Tuesday, July 17, 2018

From The Inside Looking Out - When FASD Is Hard To Explain -Living With FASD

I have recently begun following Beating Trauma With Elisabeth Corey  and love her many thought provoking posts and comments. If you are a victim of trauma. or parenting children with trauma, I urge you to check out her FB page. She works with adults, but her writings offer insight into why our children struggle in particular area's. As I have said before; FASD is a form of trauma due to both the prenatal exposure the child endured, and going through life with this particular form of brain damage is an open invitation for further trauma to occur.

When I feel frustrated with someone who obviously does not get Joseph's disability and through their interaction with him, are compounding the problem, I try to place myself in their shoes. What must the situation look like to them? Here is a child who's parents have obviously placed severe boundaries in his life, they also monitor his speech and actions,while insist on being by his side at all times. For all intents and purposes, the parents appear to be both coddling him while not allowing him to have a social life. When someone comes to me in what feels to me like a defensive manner, and begins questioning our parenting of Joseph, I am slowly learning that they won't be able to understand no matter how much I explain and I must remember that, "From the outside looking in, it is hard to understand."

The flip side is when you are on the inside looking out and you know if you could help people understand that you aren't being mean to your child, nor are you coddling him, you would have a great deal less stress. If only they could understand that you are merely providing the supports and boundaries he needs to both thrive and survive, and that if it were at all possible you would be only to happy to let up on them. I don't think you can explain how draining it is to keep a constant eye on your child, to think of the 101 things he could get into even though you have been super vigilant. Joseph has the uncanny ability to get into trouble or hurt himself, even when he is in line of vision. It is due in part to his lack of cause and effect, along with dysmaturity which means that while he is the size of a 10 year old, he is developmentally between the ages of 3-5. He is tall enough to reach the counter tops, the stove etc. but he can't be trusted not to turn on the stove or taste a mouthful of spices.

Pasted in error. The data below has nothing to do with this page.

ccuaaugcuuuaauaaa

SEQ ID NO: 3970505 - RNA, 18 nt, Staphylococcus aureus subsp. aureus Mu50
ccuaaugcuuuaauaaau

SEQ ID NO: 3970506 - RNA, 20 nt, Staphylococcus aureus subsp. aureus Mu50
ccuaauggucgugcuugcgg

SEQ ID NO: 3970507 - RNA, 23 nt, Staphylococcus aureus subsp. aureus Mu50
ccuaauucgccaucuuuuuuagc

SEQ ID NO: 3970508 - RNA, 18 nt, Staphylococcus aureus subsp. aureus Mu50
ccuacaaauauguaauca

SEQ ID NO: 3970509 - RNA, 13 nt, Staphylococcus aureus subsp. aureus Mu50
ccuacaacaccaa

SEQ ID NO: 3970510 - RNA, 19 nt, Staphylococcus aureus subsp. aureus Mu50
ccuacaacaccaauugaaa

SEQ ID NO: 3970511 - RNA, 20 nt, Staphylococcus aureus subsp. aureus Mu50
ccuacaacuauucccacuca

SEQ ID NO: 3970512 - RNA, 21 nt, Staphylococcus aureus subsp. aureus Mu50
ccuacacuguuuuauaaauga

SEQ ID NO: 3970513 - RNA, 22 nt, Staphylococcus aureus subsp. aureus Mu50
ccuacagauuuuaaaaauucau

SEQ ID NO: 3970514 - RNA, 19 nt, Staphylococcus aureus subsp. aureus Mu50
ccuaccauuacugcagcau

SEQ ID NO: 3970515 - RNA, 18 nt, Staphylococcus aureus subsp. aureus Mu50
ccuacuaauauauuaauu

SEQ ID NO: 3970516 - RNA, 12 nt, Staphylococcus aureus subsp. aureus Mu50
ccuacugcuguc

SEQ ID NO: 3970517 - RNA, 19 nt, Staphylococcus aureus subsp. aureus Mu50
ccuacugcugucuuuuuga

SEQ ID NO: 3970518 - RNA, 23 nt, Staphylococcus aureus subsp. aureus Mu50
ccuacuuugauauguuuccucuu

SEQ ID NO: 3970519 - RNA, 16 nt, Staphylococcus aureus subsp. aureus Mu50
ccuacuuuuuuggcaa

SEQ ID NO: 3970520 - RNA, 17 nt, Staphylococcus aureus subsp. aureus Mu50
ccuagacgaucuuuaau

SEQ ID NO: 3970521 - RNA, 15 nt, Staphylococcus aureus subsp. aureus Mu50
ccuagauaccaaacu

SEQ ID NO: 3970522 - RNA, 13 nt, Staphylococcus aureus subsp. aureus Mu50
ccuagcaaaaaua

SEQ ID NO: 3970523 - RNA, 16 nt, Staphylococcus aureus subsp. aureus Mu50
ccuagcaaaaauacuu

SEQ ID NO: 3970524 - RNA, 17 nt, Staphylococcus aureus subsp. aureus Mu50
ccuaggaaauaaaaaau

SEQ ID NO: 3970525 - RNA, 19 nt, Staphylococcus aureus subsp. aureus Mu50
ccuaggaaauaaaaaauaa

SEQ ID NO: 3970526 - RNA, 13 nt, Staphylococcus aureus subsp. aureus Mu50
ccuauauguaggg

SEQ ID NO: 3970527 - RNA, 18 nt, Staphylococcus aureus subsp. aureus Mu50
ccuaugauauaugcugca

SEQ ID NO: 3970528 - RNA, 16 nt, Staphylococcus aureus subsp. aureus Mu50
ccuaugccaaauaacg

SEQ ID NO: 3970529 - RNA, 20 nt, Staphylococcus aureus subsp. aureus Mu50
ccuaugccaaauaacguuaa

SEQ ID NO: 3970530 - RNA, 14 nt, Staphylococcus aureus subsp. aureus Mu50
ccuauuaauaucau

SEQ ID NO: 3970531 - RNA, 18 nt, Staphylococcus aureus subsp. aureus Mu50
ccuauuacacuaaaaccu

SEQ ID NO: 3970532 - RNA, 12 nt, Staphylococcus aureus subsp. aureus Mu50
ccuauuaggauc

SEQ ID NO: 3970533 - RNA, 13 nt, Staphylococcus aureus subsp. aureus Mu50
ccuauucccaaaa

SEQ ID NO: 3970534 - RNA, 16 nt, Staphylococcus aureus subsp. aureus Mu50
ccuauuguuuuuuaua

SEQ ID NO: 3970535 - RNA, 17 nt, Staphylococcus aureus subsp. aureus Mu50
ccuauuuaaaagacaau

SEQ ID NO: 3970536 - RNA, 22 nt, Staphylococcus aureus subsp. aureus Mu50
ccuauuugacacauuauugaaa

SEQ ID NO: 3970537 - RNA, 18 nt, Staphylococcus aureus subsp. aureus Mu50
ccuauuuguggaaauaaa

How do you explain that while my son can speak fairly intelligently on certain subjects, he has no idea if a topic is appropriate, nor when it is time to discontinue the discussion. He will talk to you about any given subject for as long as you listen. The more you engage him, the more he talks and the bigger the fall out will be. How do you explain that interacting with my child causes him to become hyper vigilant without sounding like an over protective, paranoid parent? The brain power needed for each interaction, rapidly uses up the meager store he has on any given day. This means he won't have enough brain power to regulate his emotions, follow instructions, or even enjoy the remainder of his day. When he becomes over stimulated, his cortisol goes through the roof and he is unable to relax enough to sleep, resulting in still more tears. 

How do you explain the grief you feel when you see your child mourning his inability to interact with his peers? I often hear, "But ____________ is 10 and he can ___________, so why can't I?" He cannot understand that he has a disability, he only knows that others his age have privileges that are light years beyond what he can enjoy. 

And then there is the guilt that you have to work through in order to be the parent your child needs. 
You feel guilty for getting frustrated with his ceaseless chatter about nonsense. 
You feel guilty for resenting this disability that has turned life as you knew it on it's head and will continue to be foremost in any family decisions in the future. 
You feel guilty for getting frustrated with your child, because sometimes that stress presents itself in ways that make you wonder who you have become.
You feel guilty for insisting that your child have a small life even though it is in his best interest, because you know keeping his world small, means he is easier to care for.

All these reasons, plus a host of others make it incredibly difficult to explain what it is like to parent a child with FASD and from the inside looking out, it would make all the difference if only you could. 

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